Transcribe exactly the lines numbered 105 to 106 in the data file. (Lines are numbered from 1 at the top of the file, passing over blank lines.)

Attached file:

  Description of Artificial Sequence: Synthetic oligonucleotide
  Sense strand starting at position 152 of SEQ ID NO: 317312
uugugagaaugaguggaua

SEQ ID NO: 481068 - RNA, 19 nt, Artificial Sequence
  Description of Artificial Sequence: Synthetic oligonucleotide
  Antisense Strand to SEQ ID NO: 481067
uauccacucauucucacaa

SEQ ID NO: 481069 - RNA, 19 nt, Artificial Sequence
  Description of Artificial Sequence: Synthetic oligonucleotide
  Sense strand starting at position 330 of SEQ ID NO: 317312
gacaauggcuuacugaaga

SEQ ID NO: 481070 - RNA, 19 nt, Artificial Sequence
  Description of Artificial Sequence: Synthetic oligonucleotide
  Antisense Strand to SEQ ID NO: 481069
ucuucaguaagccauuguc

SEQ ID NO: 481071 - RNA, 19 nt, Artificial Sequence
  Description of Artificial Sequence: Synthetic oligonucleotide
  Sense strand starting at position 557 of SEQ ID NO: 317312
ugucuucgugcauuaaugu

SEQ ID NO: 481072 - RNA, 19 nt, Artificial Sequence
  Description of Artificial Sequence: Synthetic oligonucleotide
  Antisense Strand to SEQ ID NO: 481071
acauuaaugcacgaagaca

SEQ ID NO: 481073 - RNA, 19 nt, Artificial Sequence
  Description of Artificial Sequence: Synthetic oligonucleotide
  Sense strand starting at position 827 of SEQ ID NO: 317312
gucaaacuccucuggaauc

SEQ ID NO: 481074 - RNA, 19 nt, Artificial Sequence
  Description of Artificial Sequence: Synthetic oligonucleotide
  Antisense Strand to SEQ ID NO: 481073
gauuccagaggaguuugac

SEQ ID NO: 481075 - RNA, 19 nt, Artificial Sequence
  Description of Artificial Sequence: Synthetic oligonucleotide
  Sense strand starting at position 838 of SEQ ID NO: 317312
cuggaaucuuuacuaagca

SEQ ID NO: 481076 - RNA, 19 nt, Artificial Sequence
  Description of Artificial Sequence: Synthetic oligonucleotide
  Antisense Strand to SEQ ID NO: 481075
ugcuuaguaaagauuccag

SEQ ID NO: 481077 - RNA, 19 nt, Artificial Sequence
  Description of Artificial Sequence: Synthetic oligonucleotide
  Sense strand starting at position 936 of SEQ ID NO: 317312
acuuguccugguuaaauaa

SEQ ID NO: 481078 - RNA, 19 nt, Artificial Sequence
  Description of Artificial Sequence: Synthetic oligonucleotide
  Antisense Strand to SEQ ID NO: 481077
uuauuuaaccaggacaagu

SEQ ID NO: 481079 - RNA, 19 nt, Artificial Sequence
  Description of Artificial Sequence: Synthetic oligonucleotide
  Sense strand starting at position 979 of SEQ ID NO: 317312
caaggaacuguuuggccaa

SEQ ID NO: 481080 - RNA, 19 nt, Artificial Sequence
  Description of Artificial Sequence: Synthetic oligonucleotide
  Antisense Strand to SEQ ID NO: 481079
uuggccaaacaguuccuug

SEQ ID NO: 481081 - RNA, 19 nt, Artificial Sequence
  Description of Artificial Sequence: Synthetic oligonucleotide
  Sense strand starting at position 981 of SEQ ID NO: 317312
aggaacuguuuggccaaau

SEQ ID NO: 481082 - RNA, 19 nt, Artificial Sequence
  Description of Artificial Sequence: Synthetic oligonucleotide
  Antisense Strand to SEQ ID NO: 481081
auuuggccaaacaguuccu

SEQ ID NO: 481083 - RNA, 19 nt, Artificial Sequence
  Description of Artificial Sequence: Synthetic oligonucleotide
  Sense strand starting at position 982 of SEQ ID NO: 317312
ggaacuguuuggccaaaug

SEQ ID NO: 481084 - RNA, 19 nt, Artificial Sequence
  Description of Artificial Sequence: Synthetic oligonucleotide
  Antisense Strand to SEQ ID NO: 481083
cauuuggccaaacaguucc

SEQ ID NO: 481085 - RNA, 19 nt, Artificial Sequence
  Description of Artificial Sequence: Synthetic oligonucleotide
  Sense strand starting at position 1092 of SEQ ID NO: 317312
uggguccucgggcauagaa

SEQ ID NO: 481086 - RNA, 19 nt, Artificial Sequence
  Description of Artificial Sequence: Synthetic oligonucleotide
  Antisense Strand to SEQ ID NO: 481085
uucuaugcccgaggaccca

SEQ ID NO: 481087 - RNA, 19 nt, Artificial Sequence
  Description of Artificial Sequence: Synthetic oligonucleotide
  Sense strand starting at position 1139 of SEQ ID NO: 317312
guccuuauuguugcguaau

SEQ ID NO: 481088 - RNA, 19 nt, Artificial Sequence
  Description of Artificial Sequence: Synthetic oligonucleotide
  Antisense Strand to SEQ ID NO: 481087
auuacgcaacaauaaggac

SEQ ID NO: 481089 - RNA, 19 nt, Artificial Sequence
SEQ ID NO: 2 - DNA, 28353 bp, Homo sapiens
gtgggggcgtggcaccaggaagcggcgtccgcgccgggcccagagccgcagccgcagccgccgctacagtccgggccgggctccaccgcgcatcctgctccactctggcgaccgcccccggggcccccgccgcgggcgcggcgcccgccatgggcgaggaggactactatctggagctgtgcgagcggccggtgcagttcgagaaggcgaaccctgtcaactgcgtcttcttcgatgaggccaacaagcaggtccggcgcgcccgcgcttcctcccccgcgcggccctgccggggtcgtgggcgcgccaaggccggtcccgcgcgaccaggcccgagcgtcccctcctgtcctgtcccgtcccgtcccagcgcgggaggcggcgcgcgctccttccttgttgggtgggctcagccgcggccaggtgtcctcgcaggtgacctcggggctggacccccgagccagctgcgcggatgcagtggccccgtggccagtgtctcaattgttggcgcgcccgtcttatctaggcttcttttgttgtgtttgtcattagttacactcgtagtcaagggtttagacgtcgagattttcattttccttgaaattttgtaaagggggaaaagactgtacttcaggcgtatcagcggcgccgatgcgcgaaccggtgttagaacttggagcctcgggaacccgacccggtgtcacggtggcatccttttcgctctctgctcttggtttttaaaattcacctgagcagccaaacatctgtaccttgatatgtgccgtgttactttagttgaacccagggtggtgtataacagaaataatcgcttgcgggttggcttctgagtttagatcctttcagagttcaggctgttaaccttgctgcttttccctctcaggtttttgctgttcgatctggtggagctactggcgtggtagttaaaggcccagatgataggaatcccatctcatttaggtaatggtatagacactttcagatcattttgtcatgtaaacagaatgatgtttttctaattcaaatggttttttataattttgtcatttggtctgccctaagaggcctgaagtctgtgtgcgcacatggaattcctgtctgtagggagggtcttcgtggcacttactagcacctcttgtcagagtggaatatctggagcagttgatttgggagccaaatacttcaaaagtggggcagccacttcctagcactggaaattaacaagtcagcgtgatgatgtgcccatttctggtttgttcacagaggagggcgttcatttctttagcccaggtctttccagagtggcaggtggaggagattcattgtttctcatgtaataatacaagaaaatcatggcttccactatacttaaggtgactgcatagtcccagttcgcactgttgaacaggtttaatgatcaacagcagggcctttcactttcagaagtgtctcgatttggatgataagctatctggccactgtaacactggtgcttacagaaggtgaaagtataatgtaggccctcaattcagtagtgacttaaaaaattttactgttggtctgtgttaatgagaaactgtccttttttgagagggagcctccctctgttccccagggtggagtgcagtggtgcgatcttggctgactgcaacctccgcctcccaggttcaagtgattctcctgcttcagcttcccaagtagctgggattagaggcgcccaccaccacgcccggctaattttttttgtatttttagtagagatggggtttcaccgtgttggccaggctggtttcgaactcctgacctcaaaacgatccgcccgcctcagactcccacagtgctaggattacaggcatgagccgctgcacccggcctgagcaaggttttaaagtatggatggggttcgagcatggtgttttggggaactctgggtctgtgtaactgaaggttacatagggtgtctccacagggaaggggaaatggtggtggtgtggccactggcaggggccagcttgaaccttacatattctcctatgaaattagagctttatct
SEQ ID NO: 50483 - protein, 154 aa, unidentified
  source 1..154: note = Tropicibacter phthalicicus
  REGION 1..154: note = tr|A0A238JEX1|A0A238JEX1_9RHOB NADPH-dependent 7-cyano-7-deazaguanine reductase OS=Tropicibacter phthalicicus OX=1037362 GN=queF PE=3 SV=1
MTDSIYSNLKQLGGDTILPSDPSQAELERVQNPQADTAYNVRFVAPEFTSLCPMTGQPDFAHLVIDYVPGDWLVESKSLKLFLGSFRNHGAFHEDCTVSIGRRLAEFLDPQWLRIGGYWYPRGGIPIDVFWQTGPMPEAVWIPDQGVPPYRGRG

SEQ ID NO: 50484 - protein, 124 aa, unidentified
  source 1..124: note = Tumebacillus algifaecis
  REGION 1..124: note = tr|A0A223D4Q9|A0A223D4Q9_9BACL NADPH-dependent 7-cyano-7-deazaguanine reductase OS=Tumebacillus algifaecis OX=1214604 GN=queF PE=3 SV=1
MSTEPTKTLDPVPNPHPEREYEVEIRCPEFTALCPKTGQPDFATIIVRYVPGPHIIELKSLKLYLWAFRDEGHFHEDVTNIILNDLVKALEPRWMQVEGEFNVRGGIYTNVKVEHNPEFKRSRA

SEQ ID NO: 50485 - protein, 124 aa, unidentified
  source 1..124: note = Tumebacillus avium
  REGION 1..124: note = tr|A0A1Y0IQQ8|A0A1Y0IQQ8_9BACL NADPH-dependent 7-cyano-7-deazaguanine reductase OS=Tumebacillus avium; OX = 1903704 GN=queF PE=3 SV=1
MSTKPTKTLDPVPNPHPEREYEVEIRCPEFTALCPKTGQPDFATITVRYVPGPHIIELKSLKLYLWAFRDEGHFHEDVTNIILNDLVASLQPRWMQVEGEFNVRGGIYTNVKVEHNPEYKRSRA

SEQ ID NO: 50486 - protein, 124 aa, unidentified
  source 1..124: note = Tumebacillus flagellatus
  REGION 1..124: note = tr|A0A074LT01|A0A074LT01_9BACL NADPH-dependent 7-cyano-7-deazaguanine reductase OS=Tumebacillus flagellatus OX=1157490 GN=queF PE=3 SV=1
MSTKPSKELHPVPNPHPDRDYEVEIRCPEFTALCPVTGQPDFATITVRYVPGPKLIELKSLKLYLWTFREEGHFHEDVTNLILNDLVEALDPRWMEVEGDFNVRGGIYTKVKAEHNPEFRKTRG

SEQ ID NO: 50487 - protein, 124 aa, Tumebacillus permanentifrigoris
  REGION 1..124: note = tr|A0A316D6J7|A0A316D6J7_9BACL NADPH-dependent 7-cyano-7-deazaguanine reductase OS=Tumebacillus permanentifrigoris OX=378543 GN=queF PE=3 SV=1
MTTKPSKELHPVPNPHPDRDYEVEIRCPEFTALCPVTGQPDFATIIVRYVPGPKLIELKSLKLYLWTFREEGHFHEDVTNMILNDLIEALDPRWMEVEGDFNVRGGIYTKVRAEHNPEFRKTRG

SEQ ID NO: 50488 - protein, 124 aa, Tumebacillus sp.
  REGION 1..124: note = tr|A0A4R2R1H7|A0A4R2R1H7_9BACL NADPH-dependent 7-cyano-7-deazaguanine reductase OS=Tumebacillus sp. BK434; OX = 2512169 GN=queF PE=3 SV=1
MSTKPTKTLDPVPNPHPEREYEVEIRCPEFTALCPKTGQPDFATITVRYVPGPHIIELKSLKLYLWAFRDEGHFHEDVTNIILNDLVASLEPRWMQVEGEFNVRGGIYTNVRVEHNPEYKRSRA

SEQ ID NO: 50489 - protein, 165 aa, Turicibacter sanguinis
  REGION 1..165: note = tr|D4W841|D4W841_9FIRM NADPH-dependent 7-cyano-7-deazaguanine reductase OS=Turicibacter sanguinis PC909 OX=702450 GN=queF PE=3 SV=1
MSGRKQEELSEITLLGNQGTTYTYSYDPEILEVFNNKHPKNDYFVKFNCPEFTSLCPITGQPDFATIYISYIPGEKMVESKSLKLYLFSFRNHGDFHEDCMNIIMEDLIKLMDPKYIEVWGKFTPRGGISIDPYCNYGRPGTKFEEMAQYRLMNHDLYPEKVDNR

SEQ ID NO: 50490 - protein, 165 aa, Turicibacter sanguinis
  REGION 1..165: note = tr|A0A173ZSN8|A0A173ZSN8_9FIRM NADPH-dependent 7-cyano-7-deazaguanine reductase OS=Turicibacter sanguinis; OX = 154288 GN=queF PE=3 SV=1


  REGION 1..124: note = tr|A0A074LT01|A0A074LT01_9BACL NADPH-dependent 7-cyano-7-deazaguanine reductase OS=Tumebacillus flagellatus OX=1157490 GN=queF PE=3 SV=1
MSTKPSKELHPVPNPHPDRDYEVEIRCPEFTALCPVTGQPDFATITVRYVPGPKLIELKSLKLYLWTFREEGHFHEDVTNLILNDLVEALDPRWMEVEGDFNVRGGIYTKVKAEHNPEFRKTRG